Washington is a borough in Warren County, New Jersey, United States. As of the United States 2000 Census, the borough population was 6,712. The borough is located in the eastern most region of the Lehigh Valley.
Pohatcong Mountain is a ridge, approximately 6 mi (10 km) long, in the Appalachian Mountains that extends from west Phillipsburg northeast approximately to Washington. Upper Pohatcong Mountain extends northeast of Washington approximately 6 mi (10 km) to the vicinity of Hackettstown. The two ridges are sometimes called "Pohatcong Mountain" collectively.
There were 2,724 households out of which 33.9% had children under the age of 18 living with them, 45.5% were married couples living together, 12.2% had a female householder with no husband present, and 38.1% were non-families. 31.6% of all households were made up of individuals and 10.4% had someone living alone who was 65 years of age or older. The average household size was 2.46 and the average family size was 3.15.
In the borough the population was spread out with 26.5% under the age of 18, 8.0% from 18 to 24, 33.8% from 25 to 44, 21.0% from 45 to 64, and 10.7% who were 65 years of age or older. The median age was 35 years. For every 100 females there were 99.1 males. For every 100 females age 18 and over, there were 93.0 males.
The median income for a household in the borough was $47,000, and the median income for a family was $61,379. Males had a median income of $41,436 versus $31,880 for females. The per capita income for the borough was $23,166. About 5.0% of families and 5.6% of the population were below the poverty line, including 7.5% of those under age 18 and 3.3% of those age 65 or over.
Members of the Washington Borough Council are Mayor Marianne Van Deursen (R, term ends December 31, 2008), Deputy Mayor David Higgins (R, 2008), Andrew Turner (R, 2008), Charles T. Housel (R, 2010), Victor Cioni (R, 2010), Heather Oakley (R, 2008) and Christina Woykowski (R, 2010).
During the late 19th and early 20th centuries, the borough became a mecca of musical instruments manufacturers, the manufacture of organs in particular. A bustling downtown developed around these businesses. Many of the Victorian style houses in the borough, as well as Taylor Street School and Warren Hills Middle School (formerly Washington High School) were built during this period.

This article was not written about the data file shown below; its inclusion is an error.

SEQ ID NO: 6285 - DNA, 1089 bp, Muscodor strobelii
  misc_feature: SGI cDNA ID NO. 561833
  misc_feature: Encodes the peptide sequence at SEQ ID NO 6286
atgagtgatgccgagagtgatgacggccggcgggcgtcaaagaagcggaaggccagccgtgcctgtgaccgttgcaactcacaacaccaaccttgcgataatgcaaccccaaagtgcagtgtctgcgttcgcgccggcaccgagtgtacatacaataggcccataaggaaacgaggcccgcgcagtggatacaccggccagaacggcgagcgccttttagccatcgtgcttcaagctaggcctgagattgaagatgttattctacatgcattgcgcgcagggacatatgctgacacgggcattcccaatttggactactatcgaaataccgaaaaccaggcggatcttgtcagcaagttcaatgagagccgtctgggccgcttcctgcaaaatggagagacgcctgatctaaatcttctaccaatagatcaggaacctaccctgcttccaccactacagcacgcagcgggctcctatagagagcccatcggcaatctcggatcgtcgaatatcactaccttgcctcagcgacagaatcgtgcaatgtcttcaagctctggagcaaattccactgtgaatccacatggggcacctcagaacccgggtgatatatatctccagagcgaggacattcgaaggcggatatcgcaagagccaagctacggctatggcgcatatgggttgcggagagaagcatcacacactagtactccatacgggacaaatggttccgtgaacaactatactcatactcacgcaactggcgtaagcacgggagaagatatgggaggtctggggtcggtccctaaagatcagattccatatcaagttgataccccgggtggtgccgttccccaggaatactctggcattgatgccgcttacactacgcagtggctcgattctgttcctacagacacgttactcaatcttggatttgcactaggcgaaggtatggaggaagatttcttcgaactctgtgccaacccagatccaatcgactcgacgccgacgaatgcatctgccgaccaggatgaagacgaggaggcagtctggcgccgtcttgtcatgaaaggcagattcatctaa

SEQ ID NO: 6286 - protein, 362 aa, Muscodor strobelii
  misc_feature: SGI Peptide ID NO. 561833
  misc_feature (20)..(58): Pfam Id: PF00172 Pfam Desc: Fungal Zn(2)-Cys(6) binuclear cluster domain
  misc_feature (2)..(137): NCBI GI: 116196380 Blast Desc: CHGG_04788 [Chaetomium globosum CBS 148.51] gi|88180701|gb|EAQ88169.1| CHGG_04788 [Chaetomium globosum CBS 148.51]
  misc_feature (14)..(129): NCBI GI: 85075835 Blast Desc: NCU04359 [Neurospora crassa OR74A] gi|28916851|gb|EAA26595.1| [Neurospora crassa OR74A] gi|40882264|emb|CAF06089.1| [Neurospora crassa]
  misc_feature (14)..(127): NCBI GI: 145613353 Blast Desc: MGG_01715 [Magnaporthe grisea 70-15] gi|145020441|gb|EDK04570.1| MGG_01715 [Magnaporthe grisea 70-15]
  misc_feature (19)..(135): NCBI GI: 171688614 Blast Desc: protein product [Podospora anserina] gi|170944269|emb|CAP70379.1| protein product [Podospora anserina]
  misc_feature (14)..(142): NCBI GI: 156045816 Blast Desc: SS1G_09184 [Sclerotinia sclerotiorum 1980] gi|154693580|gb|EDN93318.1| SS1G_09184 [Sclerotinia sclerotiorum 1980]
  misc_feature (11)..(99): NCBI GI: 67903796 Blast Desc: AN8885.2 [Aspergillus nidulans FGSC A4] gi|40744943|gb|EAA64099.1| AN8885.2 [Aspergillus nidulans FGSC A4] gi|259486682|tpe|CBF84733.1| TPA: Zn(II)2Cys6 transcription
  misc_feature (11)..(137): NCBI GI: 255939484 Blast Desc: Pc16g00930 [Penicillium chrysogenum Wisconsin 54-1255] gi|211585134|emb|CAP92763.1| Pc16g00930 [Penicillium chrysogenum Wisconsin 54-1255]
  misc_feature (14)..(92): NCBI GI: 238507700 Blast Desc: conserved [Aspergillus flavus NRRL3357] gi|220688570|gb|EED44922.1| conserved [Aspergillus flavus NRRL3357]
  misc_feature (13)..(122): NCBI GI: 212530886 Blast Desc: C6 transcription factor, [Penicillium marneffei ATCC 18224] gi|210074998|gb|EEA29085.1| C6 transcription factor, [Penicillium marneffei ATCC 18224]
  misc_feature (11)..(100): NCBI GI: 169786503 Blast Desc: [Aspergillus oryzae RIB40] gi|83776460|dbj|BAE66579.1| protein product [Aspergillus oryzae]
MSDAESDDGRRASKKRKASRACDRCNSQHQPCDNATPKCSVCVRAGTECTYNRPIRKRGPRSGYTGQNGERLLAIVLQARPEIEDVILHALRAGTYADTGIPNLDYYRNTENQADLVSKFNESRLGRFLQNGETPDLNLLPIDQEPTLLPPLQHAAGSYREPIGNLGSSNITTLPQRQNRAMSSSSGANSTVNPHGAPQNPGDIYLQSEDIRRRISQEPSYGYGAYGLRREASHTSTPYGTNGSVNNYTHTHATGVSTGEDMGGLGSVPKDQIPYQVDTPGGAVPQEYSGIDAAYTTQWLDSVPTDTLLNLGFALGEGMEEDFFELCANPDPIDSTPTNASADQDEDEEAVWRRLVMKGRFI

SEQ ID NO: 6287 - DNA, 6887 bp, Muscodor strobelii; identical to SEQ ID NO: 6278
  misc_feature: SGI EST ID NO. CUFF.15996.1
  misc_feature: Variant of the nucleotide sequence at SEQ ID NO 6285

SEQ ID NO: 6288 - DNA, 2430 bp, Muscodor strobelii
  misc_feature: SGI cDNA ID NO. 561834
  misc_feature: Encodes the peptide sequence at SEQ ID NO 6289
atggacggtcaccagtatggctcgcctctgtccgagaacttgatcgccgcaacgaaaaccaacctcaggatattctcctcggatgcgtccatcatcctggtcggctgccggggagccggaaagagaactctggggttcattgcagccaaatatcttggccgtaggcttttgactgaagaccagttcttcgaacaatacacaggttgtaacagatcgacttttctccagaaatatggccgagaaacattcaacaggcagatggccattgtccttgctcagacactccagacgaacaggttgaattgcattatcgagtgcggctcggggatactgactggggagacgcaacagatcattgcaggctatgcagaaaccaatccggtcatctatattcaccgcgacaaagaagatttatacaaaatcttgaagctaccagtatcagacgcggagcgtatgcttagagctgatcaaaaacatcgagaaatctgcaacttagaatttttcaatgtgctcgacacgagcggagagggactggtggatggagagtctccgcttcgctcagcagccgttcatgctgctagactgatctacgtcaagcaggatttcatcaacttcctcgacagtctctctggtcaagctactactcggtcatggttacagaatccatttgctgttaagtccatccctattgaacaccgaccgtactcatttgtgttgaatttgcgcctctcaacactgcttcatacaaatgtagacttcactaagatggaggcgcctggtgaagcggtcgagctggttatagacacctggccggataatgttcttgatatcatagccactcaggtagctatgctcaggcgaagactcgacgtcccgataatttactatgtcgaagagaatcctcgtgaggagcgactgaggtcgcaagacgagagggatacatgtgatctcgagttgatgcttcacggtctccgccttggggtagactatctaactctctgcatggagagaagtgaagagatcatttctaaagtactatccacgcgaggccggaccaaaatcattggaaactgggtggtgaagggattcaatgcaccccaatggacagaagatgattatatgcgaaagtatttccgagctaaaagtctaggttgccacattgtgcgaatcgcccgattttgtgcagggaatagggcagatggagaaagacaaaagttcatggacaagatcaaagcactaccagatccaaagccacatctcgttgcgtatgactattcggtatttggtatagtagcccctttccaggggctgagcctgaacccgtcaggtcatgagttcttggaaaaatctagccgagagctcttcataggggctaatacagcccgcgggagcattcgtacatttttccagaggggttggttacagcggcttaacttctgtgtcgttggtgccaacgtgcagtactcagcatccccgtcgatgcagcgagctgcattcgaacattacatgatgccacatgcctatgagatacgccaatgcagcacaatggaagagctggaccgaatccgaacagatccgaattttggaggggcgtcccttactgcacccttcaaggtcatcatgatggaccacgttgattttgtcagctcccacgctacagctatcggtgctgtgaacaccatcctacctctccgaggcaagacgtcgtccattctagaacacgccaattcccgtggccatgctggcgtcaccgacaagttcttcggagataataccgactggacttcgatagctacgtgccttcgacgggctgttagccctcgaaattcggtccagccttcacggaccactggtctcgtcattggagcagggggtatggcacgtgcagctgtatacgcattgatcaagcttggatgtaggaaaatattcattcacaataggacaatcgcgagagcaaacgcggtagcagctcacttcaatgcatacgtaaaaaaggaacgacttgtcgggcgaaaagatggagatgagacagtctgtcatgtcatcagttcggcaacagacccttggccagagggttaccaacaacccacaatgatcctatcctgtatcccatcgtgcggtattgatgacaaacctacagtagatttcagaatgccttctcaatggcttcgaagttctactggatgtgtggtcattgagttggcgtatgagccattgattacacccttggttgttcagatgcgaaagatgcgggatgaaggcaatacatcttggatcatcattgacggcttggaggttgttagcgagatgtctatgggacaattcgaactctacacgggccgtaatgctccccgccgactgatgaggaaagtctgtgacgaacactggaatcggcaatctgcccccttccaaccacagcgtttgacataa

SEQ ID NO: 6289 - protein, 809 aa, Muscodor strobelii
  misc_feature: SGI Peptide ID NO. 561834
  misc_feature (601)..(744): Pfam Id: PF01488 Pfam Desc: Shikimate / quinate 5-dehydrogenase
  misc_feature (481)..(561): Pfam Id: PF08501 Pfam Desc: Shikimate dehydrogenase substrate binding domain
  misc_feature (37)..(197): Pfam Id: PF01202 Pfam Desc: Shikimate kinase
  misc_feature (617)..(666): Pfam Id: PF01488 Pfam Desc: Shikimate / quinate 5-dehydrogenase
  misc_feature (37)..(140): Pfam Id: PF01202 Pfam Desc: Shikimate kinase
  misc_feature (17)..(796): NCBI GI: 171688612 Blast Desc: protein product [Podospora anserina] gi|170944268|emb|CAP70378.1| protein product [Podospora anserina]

The advent of the automobile brought Washington closer to both the nearby Lehigh Valley and the not so nearby New York City area. In the years following World War II, an increasing number of Washington residents would commute to work in those two areas. In addition, people from those areas began to settle in Washington, and there were many new houses and apartment complexes built during the late 20th century. As was the case in many similar towns, the downtown area struggled to remain vibrant during this time, and a major fire did not help matters. Education at the Middle and High School level was regionalized in 1968, and a new elementary school was also built (Memorial School).
The 1990s saw a population boom in Warren County, which continues today, as high real estate prices and property taxes in New Jersey’s northeastern counties push buyers to look further west. Although the borough itself does not have much room to grow, it has benefited from the growth of the nearby townships. Efforts are underway to revitalize the downtown with new residential and retail properties.
Students in public school for grades 7 and up attend the schools of the Warren Hills Regional School District. Warren Hills is a Grade 7-12 district that serves approximately 2,100 students from the municipalities of Washington Borough, Washington Township, Mansfield Township, Franklin Township and Oxford Township (for 9-12 only). Schools in the district (with 2005-06 enrollment data from the National Center for Education Statistics are Warren Hills Regional Middle School (grades 7 and 8; 711 students) located in Washington Borough and Warren Hills Regional High School (grades 9 - 12; 1,403 students) located in Washington Township.